#OptOutside – linking business and the environment. It just makes sense!

Over the course of this year I have attended and participated in various sustainability forums – on finance and green bonds, on the role of the private sector, on the relationships with NGOs and on the need for a shared vision for sustainable agriculture.  At each and every event, the call for businesses to step up to sustainable development was loud and clear. A common theme has been that businesses can do more to partner across industries, join hands with NGOs and work with the public sector. The overriding message is that it is not just the responsibility of governments because businesses must also do their part – individuals in businesses have the economic, social and environmental obligation to ensure our society and the global economy continues to grow in a responsible way.

What is perhaps more energizing is the fact that sustainability and profitability can and should, go hand-in-hand. There are opportunities and business advantages for the private sector to do well by doing right and create “shared value” with the community.

A clear standout for me has been the powerful message delivered by the CEO of Recreation Equipment Incorporated, a US based outdoors cooperative. REI’s CEO Jerry Stritzke is advocate in chief to support REI’s 17 million members to #OptOutside, for their belief that a life lived outdoors is better for everyone and better for the environment.  In REI’s most recent report to members, Stritzke says:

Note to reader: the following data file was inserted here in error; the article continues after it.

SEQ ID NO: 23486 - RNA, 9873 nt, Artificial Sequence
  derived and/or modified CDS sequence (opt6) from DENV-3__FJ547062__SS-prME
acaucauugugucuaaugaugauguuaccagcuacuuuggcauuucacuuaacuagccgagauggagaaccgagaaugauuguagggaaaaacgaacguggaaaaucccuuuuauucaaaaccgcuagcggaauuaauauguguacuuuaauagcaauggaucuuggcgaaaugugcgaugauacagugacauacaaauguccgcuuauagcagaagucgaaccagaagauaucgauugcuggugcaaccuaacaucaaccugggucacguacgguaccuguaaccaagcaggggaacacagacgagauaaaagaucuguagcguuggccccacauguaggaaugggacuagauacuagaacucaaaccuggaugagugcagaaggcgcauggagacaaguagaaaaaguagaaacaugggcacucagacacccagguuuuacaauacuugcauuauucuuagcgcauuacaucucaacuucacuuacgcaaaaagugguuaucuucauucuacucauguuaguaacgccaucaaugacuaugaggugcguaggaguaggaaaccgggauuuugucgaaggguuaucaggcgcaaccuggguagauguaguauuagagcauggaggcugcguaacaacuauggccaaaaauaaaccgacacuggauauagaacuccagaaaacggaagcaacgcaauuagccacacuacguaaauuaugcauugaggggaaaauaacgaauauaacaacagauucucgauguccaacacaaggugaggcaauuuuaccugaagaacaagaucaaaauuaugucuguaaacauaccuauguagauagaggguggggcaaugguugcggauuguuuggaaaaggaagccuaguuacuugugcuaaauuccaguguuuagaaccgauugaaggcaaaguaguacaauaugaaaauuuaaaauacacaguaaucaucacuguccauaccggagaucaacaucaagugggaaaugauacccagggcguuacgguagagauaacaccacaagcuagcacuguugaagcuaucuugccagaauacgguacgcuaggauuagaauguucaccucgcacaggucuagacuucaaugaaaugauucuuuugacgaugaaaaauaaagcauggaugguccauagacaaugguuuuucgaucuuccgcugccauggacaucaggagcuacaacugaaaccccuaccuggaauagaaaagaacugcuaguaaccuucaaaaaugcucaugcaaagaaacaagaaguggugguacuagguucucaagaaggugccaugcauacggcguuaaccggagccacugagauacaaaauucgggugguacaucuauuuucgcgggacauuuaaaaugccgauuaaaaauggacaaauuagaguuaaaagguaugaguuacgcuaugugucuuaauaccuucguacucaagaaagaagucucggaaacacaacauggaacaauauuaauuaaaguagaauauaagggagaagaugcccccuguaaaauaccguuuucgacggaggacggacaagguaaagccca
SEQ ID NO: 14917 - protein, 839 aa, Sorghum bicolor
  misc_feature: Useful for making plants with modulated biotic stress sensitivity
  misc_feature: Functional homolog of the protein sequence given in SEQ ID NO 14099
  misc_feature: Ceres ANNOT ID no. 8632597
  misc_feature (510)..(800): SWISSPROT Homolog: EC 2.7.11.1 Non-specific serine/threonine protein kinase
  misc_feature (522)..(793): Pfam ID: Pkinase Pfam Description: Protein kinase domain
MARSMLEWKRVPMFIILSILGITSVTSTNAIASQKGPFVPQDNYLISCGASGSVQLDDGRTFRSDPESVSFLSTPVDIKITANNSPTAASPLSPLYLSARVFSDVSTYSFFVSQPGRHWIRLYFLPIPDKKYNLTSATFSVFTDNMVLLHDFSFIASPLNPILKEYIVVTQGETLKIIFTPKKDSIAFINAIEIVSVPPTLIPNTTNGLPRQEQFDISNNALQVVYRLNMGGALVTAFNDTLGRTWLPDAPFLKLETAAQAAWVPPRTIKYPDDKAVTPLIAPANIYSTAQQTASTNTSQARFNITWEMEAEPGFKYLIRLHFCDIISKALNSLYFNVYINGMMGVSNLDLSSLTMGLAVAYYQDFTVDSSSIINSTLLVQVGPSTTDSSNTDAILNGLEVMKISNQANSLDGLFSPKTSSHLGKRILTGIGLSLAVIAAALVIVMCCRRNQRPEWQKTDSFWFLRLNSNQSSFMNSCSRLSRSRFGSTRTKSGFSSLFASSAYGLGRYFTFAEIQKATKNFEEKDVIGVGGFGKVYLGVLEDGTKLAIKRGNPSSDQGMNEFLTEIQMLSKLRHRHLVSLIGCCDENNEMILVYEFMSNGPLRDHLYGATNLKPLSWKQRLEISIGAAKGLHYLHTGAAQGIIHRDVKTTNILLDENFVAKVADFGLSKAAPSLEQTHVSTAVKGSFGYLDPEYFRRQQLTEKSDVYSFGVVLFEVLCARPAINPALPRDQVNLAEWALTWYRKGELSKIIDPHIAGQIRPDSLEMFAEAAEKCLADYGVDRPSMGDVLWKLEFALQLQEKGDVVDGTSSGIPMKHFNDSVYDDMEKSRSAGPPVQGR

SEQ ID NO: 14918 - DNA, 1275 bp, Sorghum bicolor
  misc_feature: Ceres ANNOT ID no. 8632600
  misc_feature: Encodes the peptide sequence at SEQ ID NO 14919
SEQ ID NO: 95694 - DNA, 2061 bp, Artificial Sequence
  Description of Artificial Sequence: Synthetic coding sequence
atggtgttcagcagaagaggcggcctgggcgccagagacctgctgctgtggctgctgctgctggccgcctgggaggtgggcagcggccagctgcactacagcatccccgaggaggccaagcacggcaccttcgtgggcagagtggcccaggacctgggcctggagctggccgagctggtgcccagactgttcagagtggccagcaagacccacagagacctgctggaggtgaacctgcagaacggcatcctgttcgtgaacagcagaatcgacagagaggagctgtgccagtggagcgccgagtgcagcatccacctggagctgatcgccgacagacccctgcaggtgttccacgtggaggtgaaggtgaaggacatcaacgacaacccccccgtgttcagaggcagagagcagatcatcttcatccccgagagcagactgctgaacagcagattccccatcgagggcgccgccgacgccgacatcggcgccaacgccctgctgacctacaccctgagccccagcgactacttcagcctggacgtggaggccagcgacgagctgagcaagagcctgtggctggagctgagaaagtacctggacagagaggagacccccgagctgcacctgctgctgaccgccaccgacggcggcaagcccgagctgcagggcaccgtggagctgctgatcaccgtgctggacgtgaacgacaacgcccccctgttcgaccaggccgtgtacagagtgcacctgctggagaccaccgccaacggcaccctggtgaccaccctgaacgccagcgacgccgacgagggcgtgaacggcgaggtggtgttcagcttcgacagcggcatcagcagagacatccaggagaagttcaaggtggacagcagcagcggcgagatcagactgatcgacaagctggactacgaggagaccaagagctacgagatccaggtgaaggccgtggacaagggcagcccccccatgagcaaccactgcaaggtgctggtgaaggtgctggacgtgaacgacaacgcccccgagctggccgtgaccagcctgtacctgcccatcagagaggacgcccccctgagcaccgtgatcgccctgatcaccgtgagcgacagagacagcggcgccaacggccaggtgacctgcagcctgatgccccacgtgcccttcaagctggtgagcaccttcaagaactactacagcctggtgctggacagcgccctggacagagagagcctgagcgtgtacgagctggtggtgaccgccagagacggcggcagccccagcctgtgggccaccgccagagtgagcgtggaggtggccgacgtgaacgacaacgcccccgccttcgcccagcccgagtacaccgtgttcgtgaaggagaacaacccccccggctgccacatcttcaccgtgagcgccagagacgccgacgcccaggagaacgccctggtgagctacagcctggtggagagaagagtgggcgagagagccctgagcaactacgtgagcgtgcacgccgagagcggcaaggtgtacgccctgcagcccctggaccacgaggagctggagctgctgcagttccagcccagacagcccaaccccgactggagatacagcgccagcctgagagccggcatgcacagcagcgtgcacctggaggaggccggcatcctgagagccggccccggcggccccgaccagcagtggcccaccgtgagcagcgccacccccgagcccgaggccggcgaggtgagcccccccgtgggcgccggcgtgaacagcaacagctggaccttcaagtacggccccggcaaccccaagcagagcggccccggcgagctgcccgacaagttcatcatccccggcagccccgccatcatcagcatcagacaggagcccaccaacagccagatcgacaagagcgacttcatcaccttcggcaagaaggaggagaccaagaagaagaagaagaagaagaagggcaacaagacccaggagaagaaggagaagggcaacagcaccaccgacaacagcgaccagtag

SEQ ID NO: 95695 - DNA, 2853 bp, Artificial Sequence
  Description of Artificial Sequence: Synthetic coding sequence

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If Springsteen were a farmer

 

Bruce Springsteen’s song catalogue, which numbers in the hundreds, chart’s the life of the ordinary man – ‘This Hard Land’, ‘Thunder Road, ‘Badlands’, ‘My Hometown’, ‘Waitin’ on a Sunny Day’, ‘Tougher than the rest’, ‘Walk like a man’, ‘The River’, ‘Better Days’, ‘Land of Hope and Dreams’ … the list goes on. Springsteen tells stories of ordinary people and it is to this that we connect. And through connection, he can often deliver a powerful message.

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Sustainability is not a zero sum game

Sustainability is not a zero sum game

I get really hung up on the word sustainable.  It’s like George Bernard Shaw’s description of the U.S. and Britain as “two countries divided by a common language.”

There’s no disagreement about goals… the SDG’s lay them out nicely: zero hunger, reduced inequality, rising living standards … nothing to argue about there.

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Our Finest Hour? Agriculture and Leadership

My 11 year old son Gus is fascinated with the Second World War and so was thrilled recently when his Mum took him to London where he visited the Churchill Museum. I too was thrilled because he brought me back a book of Churchill quotes, which has made for fascinating reading over the last week or so. It really got me thinking about leadership at a time when the global agriculture industry is going through so much change, because the success or otherwise of how we fare as an industry will come down to leadership: plain and simple.

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